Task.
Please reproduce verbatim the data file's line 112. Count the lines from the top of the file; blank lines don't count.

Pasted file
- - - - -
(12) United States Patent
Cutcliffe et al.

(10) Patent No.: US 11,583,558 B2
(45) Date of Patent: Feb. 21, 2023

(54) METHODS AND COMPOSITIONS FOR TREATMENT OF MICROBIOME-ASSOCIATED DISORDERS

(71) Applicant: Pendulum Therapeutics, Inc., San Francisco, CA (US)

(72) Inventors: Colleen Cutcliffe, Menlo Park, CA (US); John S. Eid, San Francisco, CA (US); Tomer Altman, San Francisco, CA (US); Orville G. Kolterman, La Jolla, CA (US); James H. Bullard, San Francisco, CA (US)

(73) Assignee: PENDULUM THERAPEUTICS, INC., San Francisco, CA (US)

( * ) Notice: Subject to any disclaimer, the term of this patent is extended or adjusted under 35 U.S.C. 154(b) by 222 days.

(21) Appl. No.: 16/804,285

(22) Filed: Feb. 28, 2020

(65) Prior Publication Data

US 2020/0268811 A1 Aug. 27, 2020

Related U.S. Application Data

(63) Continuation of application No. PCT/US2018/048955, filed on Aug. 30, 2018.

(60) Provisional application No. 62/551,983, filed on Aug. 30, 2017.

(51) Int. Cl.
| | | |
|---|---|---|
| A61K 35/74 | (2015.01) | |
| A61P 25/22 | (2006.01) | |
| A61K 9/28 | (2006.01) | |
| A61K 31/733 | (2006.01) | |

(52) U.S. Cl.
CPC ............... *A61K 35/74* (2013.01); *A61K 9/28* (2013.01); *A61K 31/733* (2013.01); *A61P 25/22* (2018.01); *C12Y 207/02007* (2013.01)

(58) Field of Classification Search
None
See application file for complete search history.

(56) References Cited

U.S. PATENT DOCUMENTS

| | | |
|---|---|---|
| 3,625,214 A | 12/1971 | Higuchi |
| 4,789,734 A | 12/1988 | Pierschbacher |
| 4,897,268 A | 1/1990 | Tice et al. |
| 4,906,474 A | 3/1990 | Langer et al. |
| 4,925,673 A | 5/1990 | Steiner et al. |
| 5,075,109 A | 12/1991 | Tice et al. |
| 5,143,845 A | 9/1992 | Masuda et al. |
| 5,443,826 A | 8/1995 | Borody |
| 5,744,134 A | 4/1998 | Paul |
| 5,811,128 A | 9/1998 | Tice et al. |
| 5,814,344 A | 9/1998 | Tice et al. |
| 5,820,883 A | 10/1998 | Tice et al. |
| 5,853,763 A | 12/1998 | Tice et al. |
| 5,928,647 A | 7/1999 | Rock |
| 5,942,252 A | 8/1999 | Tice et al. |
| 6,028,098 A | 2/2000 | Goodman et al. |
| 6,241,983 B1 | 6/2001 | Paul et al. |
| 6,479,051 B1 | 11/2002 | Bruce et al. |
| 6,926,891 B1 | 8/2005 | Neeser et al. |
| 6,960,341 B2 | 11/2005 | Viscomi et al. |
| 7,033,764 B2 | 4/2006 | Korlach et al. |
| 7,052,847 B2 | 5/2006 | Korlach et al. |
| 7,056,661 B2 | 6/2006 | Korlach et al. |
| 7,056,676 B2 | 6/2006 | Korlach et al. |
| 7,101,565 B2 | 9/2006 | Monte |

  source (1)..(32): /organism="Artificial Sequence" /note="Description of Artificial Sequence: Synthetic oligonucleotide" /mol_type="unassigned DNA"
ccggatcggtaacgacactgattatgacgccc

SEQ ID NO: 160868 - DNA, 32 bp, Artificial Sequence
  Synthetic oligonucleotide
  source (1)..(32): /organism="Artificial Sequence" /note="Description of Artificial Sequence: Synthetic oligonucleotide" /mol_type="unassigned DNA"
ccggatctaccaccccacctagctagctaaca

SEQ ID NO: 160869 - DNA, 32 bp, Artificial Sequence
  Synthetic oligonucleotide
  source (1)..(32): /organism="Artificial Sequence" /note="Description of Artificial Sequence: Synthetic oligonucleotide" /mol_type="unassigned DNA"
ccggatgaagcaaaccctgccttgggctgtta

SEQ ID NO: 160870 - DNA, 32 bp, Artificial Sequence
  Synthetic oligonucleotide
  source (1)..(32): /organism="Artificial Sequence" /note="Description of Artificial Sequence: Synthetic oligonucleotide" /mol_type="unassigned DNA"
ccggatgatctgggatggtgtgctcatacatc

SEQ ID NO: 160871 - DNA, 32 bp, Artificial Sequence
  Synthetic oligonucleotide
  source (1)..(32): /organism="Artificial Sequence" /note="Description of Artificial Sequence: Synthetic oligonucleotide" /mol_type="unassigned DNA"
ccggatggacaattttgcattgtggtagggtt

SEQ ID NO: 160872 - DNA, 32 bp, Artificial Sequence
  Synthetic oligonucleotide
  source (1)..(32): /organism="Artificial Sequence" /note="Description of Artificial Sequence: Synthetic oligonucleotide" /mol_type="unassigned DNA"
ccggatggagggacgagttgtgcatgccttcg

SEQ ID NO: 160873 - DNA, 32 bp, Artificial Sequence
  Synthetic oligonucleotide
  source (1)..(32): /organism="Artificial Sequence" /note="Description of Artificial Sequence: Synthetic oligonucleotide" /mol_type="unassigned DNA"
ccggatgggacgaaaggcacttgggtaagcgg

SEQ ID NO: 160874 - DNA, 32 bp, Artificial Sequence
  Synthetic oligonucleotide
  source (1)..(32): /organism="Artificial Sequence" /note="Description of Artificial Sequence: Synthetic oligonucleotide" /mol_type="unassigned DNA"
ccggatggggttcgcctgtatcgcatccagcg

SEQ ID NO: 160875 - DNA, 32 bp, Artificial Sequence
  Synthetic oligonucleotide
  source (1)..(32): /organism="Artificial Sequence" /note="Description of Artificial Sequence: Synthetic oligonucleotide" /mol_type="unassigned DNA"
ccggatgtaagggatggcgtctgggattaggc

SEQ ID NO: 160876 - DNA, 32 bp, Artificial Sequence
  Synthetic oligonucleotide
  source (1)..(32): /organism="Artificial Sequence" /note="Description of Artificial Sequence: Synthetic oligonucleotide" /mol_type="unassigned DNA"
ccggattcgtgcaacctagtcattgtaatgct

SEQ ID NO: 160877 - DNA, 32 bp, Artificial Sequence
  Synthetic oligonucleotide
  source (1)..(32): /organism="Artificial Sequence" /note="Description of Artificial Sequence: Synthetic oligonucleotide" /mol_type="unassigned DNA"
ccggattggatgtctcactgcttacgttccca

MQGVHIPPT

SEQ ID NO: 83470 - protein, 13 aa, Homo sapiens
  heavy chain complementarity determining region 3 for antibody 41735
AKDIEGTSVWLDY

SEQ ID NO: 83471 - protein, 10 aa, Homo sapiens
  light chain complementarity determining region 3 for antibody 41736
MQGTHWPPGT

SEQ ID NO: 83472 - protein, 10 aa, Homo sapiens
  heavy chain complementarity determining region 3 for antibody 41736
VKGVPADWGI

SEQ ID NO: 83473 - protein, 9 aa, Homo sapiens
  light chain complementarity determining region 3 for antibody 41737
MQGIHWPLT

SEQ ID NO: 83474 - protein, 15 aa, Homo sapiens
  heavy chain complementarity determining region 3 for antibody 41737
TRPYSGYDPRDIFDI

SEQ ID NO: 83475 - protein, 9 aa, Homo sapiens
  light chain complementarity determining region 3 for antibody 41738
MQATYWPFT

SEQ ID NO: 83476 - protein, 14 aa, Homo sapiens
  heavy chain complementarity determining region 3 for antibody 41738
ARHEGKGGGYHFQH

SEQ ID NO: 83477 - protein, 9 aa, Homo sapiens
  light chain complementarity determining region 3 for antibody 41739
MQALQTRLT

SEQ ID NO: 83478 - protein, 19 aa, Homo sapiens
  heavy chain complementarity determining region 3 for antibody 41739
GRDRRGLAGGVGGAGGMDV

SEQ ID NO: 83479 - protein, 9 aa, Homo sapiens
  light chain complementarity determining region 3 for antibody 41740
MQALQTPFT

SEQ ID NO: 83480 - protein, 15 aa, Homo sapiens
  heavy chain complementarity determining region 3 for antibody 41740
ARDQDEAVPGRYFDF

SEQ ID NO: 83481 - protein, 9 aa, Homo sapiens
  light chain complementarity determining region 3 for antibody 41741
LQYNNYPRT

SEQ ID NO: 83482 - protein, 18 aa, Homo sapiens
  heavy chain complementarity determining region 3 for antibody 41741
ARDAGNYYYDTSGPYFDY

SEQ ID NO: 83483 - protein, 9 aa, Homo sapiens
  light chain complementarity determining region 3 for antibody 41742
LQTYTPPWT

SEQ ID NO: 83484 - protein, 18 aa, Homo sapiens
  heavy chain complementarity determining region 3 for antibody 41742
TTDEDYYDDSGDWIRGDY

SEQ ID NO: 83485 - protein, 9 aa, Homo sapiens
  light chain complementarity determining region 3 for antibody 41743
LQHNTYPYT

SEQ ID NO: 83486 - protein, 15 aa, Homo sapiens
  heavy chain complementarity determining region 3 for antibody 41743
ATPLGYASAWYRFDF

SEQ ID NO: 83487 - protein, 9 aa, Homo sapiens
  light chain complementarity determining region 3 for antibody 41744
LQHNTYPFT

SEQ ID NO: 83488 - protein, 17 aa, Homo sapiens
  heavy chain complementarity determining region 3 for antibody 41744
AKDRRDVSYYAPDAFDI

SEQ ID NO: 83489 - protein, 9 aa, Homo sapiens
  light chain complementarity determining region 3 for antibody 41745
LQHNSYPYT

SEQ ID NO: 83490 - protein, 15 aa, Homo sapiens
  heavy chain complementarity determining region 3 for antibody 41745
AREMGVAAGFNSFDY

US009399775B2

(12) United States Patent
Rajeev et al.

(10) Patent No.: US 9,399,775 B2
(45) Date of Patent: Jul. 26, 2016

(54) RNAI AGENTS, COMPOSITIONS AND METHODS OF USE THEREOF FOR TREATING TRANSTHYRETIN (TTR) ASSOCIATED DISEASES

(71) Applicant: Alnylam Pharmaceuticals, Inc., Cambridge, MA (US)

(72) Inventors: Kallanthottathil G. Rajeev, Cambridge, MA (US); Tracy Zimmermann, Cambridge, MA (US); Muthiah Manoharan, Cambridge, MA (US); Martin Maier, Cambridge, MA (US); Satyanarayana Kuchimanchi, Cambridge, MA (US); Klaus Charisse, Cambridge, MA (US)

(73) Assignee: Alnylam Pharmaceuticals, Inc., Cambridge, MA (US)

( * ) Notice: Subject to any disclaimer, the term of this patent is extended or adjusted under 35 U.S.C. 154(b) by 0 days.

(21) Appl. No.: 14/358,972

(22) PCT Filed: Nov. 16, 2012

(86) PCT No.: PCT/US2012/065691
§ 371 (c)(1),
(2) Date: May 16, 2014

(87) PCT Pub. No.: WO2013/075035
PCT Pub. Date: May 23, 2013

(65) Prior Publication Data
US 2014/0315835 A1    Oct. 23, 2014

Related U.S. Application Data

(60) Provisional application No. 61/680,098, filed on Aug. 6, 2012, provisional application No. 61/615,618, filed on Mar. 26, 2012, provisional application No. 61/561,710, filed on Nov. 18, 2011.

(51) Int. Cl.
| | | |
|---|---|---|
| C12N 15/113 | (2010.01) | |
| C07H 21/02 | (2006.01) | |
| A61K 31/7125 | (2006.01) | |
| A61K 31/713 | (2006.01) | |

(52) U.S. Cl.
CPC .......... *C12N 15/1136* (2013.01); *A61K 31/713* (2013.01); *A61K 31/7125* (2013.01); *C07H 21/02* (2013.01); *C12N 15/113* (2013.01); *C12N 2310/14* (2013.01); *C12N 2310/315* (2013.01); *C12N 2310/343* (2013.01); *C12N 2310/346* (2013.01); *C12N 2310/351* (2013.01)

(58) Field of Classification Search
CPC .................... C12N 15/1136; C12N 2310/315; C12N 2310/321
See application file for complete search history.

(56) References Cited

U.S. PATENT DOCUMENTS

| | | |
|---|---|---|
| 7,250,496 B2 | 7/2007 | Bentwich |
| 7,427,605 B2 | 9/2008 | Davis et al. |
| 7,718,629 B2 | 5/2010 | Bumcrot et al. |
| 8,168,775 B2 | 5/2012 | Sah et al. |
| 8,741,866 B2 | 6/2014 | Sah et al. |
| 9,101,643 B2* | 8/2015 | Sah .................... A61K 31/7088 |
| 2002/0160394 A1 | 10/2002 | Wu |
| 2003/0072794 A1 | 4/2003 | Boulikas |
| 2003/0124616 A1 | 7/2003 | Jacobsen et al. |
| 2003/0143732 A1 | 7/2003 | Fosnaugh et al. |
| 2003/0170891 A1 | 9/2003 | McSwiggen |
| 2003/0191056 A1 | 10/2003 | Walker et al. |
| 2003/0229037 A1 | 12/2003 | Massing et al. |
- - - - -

MQGIHWPLT